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Anyone attempting to avoid GMOs knows how important it is to choose organic. However, it’s also important to know that not all organic brands are created equal…
Many organic brands were originally founded by individuals and families for all the right reasons, but at some point in their history, they were bought out by a major manufacturer like Kellogg’s or Nestlé or Dean Foods.
Sometimes standards were maintained after the purchase; sometimes subtle shifts began to take place–in the ingredients, sources, quality, or business practices (e.g., when Dean Foods quietly rebranded “organic” Silk soymilk as “natural” to enable them to source non-organic soybeans).
Other organic brands were simply founded by a major food manufacturing corporation in an attempt to “get a piece of the organic consumer pie.”
See an entire list of “organic” foods owned by large NON-organic companies HERE.
Changing the agricultural game is what Monsanto does. The company who is known for suing farmers who regrow licensed seeds or filling the world with Roundup-resistant superweeds, have been busy recreating nature once more since the outcry of the public to have REAL food rather than the laboratory created GMO’s Monsanto has been pushing down our throats for the better part of a decade.
It’s not particularly surprising that the company is introducing novel strains of familiar food crops, invented at Monsanto and endowed by their creators in that comfortable laboratory atmosphere they just can’t seem to let go of. The peppers come in miniature, single-serving sizes to reduce leftovers. The broccoli has three times the usual amount of glucoraphanin, a compound that helps boost antioxidant levels.
“Grocery stores are looking in the produce aisle for something that pops, that feels different,” one of Monsanto’s mad scientist says. “And consumers are looking for the same thing.” If the team is right, they’ll know soon enough. Frescada lettuce, BellaFina peppers, and Beneforté broccoli—cheery brand names trademarked to an all-but-anonymous Monsanto subsidiary called Seminis—are rolling out at supermarkets across the US.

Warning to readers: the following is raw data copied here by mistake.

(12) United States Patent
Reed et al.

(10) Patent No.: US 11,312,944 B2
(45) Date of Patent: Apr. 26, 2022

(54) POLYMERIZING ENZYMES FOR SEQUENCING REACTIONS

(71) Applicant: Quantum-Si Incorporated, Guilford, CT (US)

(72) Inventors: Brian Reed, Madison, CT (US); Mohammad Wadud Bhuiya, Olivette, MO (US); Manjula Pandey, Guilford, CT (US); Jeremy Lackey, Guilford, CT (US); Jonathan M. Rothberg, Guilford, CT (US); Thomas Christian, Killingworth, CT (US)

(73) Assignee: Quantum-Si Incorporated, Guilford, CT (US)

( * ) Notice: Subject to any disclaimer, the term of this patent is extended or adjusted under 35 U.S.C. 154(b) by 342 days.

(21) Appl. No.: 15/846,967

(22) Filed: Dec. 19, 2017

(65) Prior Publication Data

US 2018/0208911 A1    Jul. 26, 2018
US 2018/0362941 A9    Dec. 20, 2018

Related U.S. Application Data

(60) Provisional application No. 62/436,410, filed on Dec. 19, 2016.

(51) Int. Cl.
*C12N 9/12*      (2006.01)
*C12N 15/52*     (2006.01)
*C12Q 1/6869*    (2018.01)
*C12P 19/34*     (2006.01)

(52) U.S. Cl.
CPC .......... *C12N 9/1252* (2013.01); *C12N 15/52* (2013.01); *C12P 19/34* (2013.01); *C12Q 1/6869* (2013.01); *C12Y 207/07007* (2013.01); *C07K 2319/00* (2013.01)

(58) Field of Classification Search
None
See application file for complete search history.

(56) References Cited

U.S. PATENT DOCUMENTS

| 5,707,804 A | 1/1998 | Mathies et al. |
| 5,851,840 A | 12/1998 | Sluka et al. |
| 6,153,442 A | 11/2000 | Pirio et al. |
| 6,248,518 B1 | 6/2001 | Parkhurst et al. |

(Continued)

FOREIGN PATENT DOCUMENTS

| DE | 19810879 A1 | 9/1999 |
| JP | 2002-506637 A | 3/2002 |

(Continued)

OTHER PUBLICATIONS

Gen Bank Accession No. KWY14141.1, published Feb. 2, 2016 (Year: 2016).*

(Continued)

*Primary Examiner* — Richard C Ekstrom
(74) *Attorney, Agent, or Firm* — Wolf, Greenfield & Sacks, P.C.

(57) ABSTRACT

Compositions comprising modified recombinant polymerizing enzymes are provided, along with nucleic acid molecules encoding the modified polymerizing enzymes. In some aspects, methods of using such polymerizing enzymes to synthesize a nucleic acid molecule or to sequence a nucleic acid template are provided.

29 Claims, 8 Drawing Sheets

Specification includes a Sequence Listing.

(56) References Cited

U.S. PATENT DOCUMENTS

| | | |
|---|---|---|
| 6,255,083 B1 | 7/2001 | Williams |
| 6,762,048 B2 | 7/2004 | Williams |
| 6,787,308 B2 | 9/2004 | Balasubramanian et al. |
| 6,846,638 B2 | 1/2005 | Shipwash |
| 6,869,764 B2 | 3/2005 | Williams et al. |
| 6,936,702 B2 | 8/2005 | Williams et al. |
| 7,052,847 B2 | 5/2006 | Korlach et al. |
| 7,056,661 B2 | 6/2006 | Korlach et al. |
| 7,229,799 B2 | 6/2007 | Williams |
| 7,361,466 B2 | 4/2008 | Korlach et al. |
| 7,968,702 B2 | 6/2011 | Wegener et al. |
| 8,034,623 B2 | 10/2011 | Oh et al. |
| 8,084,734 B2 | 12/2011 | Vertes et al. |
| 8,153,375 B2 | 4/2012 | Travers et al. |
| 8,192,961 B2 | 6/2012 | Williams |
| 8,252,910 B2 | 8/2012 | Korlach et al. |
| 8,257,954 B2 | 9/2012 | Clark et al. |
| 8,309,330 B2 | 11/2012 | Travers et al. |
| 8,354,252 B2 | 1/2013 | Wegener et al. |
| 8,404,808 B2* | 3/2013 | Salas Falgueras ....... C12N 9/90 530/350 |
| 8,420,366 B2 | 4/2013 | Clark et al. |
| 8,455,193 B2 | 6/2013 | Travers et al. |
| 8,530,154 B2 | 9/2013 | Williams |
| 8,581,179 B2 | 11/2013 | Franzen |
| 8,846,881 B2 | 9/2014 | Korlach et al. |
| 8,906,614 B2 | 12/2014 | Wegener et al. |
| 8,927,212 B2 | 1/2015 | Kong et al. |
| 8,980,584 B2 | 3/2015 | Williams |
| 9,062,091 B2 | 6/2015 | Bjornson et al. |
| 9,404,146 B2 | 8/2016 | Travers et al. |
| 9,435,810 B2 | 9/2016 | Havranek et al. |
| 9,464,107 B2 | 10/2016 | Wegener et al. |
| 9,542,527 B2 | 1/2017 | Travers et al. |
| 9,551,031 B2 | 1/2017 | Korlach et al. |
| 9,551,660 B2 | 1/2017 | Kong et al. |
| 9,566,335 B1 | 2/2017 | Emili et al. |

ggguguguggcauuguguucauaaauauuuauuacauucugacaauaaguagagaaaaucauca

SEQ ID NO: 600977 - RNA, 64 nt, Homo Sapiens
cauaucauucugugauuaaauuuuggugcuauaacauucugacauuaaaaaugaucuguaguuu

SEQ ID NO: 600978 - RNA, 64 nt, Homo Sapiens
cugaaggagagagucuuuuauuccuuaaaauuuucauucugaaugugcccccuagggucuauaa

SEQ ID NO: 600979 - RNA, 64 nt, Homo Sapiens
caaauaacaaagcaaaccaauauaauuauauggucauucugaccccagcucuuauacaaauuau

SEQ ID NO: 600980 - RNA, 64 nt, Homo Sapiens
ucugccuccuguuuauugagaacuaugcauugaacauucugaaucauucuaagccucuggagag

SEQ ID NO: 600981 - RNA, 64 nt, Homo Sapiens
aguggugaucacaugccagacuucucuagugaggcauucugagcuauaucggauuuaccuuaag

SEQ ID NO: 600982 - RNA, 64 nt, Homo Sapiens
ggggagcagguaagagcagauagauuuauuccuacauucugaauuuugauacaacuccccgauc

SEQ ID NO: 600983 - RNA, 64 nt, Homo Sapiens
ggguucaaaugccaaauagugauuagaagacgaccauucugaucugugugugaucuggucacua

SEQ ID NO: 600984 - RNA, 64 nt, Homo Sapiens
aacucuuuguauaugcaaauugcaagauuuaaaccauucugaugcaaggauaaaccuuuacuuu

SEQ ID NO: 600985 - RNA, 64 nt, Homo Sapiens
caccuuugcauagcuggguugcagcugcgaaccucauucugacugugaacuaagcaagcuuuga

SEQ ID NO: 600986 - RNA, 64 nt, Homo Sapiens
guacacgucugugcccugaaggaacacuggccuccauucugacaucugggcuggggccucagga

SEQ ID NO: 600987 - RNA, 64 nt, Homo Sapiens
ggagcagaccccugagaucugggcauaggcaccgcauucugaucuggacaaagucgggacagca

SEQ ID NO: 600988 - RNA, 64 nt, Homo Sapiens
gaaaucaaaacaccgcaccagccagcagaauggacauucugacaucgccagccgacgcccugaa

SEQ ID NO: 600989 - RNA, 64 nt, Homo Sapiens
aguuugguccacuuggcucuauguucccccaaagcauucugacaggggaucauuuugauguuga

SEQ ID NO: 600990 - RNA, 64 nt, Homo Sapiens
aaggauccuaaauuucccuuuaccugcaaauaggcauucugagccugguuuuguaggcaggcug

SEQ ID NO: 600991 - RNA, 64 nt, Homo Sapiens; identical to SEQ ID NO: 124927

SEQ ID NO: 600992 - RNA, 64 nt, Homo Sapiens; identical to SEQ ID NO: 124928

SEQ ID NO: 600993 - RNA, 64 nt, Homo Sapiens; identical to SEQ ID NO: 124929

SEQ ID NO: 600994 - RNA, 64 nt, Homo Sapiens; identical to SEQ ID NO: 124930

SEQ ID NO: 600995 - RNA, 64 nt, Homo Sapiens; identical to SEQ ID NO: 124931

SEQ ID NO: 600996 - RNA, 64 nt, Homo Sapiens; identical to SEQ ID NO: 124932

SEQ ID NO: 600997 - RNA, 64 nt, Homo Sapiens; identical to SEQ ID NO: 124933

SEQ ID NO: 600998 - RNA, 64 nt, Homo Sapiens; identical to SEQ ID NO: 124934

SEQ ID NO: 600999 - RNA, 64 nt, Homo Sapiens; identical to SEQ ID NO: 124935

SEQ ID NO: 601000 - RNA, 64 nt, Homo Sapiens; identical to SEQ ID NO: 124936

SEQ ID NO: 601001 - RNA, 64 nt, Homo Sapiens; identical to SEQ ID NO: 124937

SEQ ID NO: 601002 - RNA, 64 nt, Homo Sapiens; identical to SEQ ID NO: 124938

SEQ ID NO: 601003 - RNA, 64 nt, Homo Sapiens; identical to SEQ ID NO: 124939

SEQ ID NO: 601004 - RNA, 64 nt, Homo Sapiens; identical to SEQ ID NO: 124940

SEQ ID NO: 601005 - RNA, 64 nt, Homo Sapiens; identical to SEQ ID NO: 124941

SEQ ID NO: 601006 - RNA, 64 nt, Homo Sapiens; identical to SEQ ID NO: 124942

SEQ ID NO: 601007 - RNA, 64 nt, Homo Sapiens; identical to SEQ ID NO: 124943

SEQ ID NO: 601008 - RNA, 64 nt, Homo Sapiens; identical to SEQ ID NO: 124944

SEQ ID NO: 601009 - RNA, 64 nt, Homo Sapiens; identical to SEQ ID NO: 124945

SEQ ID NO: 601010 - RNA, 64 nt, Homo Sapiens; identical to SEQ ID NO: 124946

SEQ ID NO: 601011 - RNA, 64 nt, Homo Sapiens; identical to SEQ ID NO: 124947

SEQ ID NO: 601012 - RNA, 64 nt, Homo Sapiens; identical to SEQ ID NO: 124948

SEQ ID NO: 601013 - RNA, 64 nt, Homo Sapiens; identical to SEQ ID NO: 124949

But here’s the twist: The lettuce, peppers, and broccoli—plus a melon and an onion, with a watermelon soon to follow—aren’t quite genetically modified. Monsanto created all these veggies using crossbreeding. That doesn’t mean they are low tech, exactly. This particular division is drawing on Monsanto’s accumulated scientific know-how to create vegetables that have all the “advantages” of genetically modified organisms without any of the Frankenfoods ick factor- according to the Frankensteins themselves.
As consumers have shown a marked resistance to purchasing GM produce, stores like Whole Foods are planning to add GMO disclosures to their labels in a few years. State laws may mandate it even sooner. This will allow Monsanto to label their lab foods as organic anyway… Please beware of what you purchase. Your health and maybe your life depend on it.